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Tyrosine

Other name(s):

a-amino-b-[p-hydroxyphenyl]-propionic acid

Unsubstantiated claims

Please note that this section reports on claims that have NOT yet been substantiated through scientific studies.

Tyrosine has been said to improve mood and be useful in treating depression, anxiety, narcolepsy (a sleep disorder), and insomnia.

Tyrosine reportedly can help suppress appetite, reduce body fat, and stimulate the release of human growth hormone (HGH).

It has also been used to treat some allergies.

Recommended intake

Amino acids (AAs) are available as individual AAs or in proprietary AA combinations, as well as part of multi-vitamin formulas, proteins, and food supplements. The forms include tablets, fluids, and powders. However, adequate protein in the diet should provide a sufficient source of all amino acids.

People with phenylketonuria (PKU) typically require tyrosine supplementation since they are unable to convert phenylalanine into tyrosine. 

Side effects, toxicity, and interactions

The use of a single amino acid supplement may lead to negative nitrogen balance, decreasing the metabolic efficiency and increasing the workload of the kidneys. In children, taking single amino acid supplements may also harmfully affect growth parameters.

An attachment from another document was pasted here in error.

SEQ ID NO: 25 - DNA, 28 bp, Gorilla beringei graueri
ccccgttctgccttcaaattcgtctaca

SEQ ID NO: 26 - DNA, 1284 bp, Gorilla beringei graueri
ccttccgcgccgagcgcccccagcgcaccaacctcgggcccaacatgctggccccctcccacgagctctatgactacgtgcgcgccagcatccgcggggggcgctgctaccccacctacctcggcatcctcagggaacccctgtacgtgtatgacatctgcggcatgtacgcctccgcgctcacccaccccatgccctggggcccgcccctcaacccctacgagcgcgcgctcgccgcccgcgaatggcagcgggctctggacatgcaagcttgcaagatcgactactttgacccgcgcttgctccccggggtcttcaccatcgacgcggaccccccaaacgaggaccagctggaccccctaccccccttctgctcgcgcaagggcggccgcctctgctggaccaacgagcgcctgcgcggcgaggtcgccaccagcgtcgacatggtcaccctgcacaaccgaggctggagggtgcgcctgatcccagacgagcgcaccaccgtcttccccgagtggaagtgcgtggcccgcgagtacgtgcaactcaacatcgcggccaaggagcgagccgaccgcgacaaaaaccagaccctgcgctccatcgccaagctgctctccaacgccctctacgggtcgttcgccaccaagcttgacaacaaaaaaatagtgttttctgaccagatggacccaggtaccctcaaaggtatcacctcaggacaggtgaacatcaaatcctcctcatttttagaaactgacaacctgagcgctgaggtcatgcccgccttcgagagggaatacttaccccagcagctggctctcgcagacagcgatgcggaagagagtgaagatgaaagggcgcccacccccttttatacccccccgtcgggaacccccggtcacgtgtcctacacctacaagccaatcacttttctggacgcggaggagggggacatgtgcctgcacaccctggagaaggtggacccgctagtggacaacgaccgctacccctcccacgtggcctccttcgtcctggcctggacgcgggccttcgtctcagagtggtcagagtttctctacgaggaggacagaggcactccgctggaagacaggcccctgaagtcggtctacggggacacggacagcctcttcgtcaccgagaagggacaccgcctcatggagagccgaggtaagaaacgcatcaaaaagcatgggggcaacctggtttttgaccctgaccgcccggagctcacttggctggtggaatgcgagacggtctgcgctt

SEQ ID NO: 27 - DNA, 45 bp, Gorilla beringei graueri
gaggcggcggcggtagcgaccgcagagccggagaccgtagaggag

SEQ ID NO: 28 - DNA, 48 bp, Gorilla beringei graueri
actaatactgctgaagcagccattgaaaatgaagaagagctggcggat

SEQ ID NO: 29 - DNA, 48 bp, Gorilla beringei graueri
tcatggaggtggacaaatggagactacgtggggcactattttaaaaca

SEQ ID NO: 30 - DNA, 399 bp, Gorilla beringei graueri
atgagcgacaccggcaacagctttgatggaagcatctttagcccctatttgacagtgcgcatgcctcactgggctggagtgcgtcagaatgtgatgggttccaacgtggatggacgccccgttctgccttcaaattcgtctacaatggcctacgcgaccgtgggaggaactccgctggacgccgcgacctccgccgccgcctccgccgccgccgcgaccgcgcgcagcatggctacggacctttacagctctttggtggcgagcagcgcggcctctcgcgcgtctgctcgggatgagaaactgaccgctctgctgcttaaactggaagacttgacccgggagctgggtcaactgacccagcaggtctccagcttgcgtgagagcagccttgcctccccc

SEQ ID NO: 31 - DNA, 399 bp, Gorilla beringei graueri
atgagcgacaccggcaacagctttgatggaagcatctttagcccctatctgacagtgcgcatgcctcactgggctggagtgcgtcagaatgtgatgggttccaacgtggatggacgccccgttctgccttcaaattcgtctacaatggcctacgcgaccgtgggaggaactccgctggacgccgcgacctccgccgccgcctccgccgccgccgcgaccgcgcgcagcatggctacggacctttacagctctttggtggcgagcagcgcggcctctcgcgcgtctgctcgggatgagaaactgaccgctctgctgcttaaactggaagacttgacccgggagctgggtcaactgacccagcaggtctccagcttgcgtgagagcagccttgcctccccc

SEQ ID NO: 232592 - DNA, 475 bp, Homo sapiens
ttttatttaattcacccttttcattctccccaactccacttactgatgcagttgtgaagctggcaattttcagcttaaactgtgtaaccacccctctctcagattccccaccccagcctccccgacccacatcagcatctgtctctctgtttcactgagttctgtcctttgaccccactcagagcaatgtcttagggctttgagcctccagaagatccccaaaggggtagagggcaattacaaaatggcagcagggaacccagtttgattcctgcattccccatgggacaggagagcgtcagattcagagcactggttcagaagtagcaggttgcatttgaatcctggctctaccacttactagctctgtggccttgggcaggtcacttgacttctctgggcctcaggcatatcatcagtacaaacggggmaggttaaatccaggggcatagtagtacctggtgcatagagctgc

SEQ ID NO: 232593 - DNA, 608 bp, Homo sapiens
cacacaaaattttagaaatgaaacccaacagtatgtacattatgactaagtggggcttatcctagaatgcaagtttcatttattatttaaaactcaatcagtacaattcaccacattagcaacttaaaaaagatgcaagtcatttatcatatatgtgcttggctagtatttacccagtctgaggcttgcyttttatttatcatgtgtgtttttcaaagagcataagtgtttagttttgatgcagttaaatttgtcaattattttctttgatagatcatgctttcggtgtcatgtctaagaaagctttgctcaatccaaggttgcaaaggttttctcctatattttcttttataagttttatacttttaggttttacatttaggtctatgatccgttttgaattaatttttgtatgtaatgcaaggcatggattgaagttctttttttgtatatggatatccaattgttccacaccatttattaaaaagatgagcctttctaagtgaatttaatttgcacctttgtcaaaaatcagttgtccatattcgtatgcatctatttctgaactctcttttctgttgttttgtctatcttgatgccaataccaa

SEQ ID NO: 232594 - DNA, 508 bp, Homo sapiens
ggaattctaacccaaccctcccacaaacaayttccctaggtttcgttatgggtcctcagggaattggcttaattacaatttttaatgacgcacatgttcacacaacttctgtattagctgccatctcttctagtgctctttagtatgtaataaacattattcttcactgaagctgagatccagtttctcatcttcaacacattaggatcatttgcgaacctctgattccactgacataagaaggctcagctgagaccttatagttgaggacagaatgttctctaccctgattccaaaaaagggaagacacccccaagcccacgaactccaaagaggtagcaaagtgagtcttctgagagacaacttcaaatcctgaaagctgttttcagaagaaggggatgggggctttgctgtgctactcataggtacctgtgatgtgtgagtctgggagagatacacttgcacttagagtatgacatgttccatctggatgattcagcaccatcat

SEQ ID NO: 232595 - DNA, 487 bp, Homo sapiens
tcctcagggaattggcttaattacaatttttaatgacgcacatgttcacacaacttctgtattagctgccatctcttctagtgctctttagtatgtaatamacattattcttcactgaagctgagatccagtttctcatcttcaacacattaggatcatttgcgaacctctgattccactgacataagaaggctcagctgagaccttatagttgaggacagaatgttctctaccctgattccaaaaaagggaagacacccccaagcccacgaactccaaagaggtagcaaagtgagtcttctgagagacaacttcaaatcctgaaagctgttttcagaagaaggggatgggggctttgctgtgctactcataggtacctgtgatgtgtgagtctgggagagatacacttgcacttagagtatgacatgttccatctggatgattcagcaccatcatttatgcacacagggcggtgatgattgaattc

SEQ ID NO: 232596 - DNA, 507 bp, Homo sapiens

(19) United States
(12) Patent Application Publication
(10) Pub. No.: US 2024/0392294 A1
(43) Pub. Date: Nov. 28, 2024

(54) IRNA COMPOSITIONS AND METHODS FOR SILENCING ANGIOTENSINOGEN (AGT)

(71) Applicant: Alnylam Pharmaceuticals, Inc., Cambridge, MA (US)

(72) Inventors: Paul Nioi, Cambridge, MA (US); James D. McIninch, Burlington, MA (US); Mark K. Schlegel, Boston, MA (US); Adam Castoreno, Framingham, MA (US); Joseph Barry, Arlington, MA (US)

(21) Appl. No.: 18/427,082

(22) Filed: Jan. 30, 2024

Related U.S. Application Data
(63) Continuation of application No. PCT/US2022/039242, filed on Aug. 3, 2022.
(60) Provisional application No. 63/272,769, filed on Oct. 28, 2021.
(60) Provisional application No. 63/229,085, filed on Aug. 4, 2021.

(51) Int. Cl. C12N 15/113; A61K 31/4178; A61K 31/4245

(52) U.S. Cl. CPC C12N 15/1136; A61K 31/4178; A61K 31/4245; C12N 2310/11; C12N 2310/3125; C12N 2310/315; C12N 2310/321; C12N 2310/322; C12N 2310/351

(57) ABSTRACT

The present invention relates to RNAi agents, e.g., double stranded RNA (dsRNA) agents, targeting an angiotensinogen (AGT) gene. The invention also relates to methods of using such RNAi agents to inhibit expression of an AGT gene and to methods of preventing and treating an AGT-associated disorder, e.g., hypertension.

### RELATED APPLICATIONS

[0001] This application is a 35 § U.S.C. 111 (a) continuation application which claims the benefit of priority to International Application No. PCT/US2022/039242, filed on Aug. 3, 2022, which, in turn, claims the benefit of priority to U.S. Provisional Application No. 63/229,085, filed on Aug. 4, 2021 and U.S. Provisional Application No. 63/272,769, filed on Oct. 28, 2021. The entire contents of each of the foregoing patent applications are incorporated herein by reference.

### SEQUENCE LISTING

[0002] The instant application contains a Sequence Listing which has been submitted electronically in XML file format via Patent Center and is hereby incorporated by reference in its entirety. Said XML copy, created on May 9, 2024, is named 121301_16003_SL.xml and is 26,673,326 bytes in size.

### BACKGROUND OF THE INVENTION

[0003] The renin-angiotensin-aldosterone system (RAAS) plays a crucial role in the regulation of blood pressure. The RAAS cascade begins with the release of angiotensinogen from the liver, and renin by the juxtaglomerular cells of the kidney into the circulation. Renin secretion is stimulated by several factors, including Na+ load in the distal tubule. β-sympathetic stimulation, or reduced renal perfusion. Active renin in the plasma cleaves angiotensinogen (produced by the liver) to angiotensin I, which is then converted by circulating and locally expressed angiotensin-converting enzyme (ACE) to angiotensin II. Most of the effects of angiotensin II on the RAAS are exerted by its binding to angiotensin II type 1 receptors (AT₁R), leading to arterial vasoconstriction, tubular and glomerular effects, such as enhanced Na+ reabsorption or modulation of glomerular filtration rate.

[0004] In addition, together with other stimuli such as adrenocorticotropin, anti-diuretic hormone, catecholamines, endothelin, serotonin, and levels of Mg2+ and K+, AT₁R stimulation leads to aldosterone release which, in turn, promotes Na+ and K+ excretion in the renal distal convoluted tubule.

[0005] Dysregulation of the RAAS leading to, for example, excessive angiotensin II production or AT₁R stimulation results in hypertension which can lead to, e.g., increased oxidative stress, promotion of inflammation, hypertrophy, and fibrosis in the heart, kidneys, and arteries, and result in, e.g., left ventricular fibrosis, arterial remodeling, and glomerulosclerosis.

Always avoid taking individual amino acids in high dosage for prolonged periods.

Women who are pregnant or breastfeeding should not use tyrosine supplements.

People who have melanoma (pigmented type) or tyrosinemia type I or II should not take tyrosine supplements.

People with hyperthyroidism (overactive thyroid) should talk with a physician before taking tyrosine supplements. 

Tyrosine should not be taken in conjunction with antidepressants belonging to the class of monoamine oxidase (MAO) inhibitors.

Additional information

Click here for a list of reputable websites with general information on nutrition.

Online Medical Reviewer: Wilkins, Joanna, R.D., C.D.
Date Last Reviewed: 2/21/2013
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